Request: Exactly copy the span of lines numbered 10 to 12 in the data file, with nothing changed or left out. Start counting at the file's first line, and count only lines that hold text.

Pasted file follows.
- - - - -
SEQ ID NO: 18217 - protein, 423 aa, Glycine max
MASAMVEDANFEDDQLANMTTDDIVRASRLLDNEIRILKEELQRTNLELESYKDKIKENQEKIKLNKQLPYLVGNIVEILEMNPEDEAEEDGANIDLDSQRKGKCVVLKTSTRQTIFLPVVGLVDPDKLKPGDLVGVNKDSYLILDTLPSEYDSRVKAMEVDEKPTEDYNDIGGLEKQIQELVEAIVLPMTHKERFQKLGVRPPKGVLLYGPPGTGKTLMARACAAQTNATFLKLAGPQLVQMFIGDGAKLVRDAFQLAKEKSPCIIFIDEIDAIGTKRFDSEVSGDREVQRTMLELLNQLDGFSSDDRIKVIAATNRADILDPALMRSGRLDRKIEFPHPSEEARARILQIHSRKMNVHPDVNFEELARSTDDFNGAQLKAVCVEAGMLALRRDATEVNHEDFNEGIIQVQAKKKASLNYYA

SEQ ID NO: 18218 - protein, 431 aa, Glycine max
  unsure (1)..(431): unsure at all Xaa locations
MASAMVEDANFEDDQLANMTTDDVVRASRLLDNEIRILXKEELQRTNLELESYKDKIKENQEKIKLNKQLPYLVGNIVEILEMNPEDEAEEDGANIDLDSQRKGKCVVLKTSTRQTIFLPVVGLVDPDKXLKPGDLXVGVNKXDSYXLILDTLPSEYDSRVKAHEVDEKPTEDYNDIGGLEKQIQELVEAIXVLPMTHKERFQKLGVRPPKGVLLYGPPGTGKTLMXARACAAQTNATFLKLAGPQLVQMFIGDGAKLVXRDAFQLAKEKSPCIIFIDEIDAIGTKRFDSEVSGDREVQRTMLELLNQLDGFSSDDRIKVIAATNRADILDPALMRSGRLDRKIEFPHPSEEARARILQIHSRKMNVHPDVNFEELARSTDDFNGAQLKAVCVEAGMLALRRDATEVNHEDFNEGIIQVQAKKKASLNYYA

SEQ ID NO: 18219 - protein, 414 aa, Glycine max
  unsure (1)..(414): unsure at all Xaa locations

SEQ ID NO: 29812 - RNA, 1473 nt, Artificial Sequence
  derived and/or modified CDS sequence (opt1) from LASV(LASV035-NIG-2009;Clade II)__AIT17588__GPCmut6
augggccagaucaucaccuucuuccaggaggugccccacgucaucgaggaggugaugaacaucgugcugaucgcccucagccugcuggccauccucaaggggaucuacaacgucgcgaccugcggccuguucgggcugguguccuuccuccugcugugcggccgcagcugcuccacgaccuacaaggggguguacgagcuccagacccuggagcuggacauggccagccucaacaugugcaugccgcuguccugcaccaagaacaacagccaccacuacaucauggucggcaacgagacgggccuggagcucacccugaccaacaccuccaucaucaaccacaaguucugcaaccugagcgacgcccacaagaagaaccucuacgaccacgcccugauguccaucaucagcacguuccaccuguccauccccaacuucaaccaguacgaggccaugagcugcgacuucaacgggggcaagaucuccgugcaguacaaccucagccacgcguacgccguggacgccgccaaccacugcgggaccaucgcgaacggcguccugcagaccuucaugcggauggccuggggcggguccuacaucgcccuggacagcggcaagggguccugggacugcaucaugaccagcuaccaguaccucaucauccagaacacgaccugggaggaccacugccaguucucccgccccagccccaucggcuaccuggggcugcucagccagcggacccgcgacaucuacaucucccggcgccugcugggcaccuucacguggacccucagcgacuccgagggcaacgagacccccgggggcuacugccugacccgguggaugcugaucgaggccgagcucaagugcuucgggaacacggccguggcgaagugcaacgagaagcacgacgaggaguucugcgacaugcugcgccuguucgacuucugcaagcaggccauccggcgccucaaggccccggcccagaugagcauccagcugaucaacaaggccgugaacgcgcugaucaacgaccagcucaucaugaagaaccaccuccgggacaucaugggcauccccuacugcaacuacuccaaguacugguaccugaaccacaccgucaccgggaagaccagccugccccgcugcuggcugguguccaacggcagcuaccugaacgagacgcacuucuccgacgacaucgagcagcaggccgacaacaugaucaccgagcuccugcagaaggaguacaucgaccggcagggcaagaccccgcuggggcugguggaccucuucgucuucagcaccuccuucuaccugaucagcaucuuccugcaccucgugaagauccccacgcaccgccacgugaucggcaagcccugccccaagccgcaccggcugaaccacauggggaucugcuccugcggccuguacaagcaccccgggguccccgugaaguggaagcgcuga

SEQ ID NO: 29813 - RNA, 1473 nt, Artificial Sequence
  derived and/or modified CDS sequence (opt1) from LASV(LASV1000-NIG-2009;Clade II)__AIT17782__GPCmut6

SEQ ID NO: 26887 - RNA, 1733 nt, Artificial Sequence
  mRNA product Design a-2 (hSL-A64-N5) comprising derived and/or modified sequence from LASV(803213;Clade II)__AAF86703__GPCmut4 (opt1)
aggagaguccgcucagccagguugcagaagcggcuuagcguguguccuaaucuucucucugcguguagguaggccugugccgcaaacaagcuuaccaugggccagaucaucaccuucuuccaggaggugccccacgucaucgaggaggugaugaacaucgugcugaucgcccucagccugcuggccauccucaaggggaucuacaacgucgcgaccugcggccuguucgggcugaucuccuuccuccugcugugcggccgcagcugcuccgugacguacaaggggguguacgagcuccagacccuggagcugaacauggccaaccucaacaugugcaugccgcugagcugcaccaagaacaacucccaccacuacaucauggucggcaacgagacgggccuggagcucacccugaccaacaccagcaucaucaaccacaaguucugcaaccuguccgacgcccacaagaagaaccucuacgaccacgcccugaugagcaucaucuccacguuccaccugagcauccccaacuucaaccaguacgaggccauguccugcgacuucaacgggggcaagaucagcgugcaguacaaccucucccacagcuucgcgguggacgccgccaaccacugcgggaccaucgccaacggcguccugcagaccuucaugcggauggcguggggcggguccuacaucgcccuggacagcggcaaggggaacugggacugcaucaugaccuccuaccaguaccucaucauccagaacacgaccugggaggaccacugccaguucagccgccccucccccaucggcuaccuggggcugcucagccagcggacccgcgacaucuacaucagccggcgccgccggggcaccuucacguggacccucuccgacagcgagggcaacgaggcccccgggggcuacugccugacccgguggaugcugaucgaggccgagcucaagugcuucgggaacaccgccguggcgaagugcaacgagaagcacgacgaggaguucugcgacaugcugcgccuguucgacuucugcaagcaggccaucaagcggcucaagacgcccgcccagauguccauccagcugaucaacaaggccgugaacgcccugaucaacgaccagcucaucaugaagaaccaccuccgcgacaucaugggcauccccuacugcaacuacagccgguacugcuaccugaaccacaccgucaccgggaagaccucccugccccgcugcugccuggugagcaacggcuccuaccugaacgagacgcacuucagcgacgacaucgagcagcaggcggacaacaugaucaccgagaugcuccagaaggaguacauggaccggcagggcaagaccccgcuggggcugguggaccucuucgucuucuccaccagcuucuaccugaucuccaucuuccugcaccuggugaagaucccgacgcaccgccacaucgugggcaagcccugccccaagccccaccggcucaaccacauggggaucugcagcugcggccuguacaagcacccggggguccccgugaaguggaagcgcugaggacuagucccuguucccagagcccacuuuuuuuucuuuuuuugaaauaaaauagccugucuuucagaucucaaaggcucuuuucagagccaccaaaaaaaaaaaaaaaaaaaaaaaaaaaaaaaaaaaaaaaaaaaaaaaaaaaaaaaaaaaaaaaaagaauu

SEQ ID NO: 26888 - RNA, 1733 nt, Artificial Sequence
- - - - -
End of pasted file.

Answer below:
augggccagaucaucaccuucuuccaggaggugccccacgucaucgaggaggugaugaacaucgugcugaucgcccucagccugcuggccauccucaaggggaucuacaacgucgcgaccugcggccuguucgggcugguguccuuccuccugcugugcggccgcagcugcuccacgaccuacaaggggguguacgagcuccagacccuggagcuggacauggccagccucaacaugugcaugccgcuguccugcaccaagaacaacagccaccacuacaucauggucggcaacgagacgggccuggagcucacccugaccaacaccuccaucaucaaccacaaguucugcaaccugagcgacgcccacaagaagaaccucuacgaccacgcccugauguccaucaucagcacguuccaccuguccauccccaacuucaaccaguacgaggccaugagcugcgacuucaacgggggcaagaucuccgugcaguacaaccucagccacgcguacgccguggacgccgccaaccacugcgggaccaucgcgaacggcguccugcagaccuucaugcggauggccuggggcggguccuacaucgcccuggacagcggcaagggguccugggacugcaucaugaccagcuaccaguaccucaucauccagaacacgaccugggaggaccacugccaguucucccgccccagccccaucggcuaccuggggcugcucagccagcggacccgcgacaucuacaucucccggcgccugcugggcaccuucacguggacccucagcgacuccgagggcaacgagacccccgggggcuacugccugacccgguggaugcugaucgaggccgagcucaagugcuucgggaacacggccguggcgaagugcaacgagaagcacgacgaggaguucugcgacaugcugcgccuguucgacuucugcaagcaggccauccggcgccucaaggccccggcccagaugagcauccagcugaucaacaaggccgugaacgcgcugaucaacgaccagcucaucaugaagaaccaccuccgggacaucaugggcauccccuacugcaacuacuccaaguacugguaccugaaccacaccgucaccgggaagaccagccugccccgcugcuggcugguguccaacggcagcuaccugaacgagacgcacuucuccgacgacaucgagcagcaggccgacaacaugaucaccgagcuccugcagaaggaguacaucgaccggcagggcaagaccccgcuggggcugguggaccucuucgucuucagcaccuccuucuaccugaucagcaucuuccugcaccucgugaagauccccacgcaccgccacgugaucggcaagcccugccccaagccgcaccggcugaaccacauggggaucugcuccugcggccuguacaagcaccccgggguccccgugaaguggaagcgcuga

SEQ ID NO: 29813 - RNA, 1473 nt, Artificial Sequence
  derived and/or modified CDS sequence (opt1) from LASV(LASV1000-NIG-2009;Clade II)__AIT17782__GPCmut6